Using Less to Cool More

As a part of the evening session of Symposium QN05 : Emerging Thermal Materials—From Nanoscale to Multiscale Thermal Transport, Energy Conversion, Storage and Thermal Management, Amin Nozariasbmarz, a PhD student at The Pennsylvania State University presented his research on optimizing the performance of thermoelectric (TE) coolers (TECs) and generators (TEGs), titled "Efficient Thermoelectric Materials and Module Design for Wearable Applications".

Amin started the talk by illustrating the basics of TE devices. These are solid state devices that take the advantage of the Seebeck effect to generate electricity from an applied temperature gradient or are capable to moving heat away from an area (refrigeration) by taking advantage of the Peltier effect. In this way, wearable applications of TEs can include both TECs and TEGs. However, it is important to note that unlike commercial applications of TE devices where the temperature gradients encountered are quite high, when it comes to wearable applications for the human body, the temperature gradients expected are quite low (between 1-3 degrees C, usually). 

Amin's analysis took into account that there are two ways to improve performance of TE devices: (i) improving the material's intrinsic thermoelectric properties and (ii) improving the device design. By focusing on the latter, Amin and his colleagues were able to posit that for low thermal gradient applications, optimizing the fill factor and aspect ratio of the TE module is a good way to improve overall TE module performance. The fill factor refers to the ratio of surface area of the TE legs to that of the module, whereas the aspect ratio refers to the ratio of the length of the leg to its width. In commercial devices, the fill factor is usually 20% or more, but using their analytical modelling, Amin was able to conclude that for wearable applications, the fill factor should be lower to about 10-15% to get the maximum cooling power in case of TECs, or maximum power generation in case of TEGs. In this way they were able to demonstrate the possibility of creating TECs with twice the cooling power and eight times more cooling compared to commercial TECs at the same applied voltages. This is great news for thermoelectrics researchers who are trying to use less material to create more conformable and lightweight wearable TECs and TEGs.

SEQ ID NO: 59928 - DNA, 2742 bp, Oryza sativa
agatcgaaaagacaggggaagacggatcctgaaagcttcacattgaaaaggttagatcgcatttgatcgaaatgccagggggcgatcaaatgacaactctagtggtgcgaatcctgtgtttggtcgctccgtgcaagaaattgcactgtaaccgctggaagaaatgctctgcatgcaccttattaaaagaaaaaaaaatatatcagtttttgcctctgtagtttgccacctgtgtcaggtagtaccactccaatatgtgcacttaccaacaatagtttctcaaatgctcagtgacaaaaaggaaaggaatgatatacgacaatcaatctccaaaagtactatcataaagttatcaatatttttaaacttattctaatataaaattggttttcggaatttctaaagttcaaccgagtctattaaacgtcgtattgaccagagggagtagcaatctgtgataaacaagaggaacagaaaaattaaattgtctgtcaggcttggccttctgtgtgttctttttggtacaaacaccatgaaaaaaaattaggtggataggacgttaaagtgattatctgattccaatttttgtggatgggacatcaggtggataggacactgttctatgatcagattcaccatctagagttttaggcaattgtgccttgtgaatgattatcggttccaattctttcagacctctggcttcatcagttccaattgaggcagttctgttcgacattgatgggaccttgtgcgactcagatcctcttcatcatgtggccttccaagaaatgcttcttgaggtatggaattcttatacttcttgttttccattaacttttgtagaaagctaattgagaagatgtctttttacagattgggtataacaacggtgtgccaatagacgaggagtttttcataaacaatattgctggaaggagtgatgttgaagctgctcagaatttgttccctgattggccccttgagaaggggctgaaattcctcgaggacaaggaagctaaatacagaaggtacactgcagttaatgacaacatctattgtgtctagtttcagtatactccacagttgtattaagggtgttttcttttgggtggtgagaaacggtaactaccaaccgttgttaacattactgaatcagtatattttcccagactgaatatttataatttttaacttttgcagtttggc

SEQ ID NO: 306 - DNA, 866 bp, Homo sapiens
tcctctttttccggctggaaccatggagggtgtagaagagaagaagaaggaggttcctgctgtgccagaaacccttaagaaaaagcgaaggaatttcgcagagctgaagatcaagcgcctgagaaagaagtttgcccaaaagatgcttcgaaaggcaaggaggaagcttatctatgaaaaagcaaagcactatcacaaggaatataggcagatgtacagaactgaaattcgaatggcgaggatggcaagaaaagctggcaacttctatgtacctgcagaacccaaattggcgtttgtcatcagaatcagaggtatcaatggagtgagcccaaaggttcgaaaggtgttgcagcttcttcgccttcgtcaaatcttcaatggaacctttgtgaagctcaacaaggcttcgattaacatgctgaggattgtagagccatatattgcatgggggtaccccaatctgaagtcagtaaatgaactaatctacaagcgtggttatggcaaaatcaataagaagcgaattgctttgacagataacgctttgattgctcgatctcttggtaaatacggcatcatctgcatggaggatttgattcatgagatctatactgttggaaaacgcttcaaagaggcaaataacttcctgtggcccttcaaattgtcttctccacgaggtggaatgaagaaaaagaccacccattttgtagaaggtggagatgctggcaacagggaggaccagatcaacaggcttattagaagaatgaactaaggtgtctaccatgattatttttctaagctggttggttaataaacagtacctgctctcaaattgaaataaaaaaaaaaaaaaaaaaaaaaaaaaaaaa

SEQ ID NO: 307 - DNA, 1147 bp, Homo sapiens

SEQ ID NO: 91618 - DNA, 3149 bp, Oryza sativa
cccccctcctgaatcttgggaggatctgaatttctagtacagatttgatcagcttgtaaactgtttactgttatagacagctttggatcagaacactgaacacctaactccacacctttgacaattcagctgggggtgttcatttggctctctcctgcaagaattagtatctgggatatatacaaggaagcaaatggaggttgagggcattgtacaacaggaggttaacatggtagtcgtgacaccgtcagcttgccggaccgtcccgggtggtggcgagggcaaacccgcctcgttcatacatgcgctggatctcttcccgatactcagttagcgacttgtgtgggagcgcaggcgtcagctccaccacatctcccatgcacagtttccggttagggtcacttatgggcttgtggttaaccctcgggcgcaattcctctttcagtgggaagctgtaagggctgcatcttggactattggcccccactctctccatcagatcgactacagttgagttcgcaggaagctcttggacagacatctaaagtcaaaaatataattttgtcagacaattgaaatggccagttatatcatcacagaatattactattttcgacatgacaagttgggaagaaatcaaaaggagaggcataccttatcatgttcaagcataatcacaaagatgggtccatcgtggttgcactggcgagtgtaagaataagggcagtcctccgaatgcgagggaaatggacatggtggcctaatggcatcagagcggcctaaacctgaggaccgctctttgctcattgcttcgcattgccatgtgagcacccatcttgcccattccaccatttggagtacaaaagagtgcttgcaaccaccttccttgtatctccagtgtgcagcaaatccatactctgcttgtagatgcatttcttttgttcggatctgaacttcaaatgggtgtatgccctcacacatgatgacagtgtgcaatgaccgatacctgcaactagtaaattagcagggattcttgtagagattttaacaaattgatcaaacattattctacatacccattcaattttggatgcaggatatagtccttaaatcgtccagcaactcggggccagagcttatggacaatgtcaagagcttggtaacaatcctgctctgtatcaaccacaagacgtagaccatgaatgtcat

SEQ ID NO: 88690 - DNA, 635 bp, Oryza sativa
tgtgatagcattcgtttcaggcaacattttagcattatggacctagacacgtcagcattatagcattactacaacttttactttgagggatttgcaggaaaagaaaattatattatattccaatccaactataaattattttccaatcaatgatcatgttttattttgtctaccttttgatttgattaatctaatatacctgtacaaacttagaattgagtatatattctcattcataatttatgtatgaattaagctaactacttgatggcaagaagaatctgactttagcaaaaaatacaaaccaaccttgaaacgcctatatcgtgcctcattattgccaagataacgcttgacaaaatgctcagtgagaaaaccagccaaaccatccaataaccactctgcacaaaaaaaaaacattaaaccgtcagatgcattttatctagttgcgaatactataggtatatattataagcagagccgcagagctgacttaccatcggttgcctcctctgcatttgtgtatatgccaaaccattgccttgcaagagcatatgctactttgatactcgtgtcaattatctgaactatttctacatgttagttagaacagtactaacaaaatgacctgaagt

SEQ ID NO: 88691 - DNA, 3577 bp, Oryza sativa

To know more about this research work, please click here

Symposium X: The James Webb Space Telescope

Dr. Jonathan Arenberg, Chief Engineer for the Space Science Mission at Northrop Grumman Aerospace Systems gave a very interesting and engaging talk on the The James Webb Space Telescope (JWST) - Its Mission, Design and Development as a part of Symposium X - Frontiers of Materials Research. 

Dr. Arenberg highlighted the various missions of the JWST that range from getting information about the first light and reionization events after the creation of the universe, understanding the evolution and assembly of the galaxies, the birth of stars and protoplanetary systems, to understanding the planetary systems and fundamentals about the origin of life. The JWST will help scientists and researchers understand the origin of life, how galaxies evolve, and the most important question - are we alone in the universe.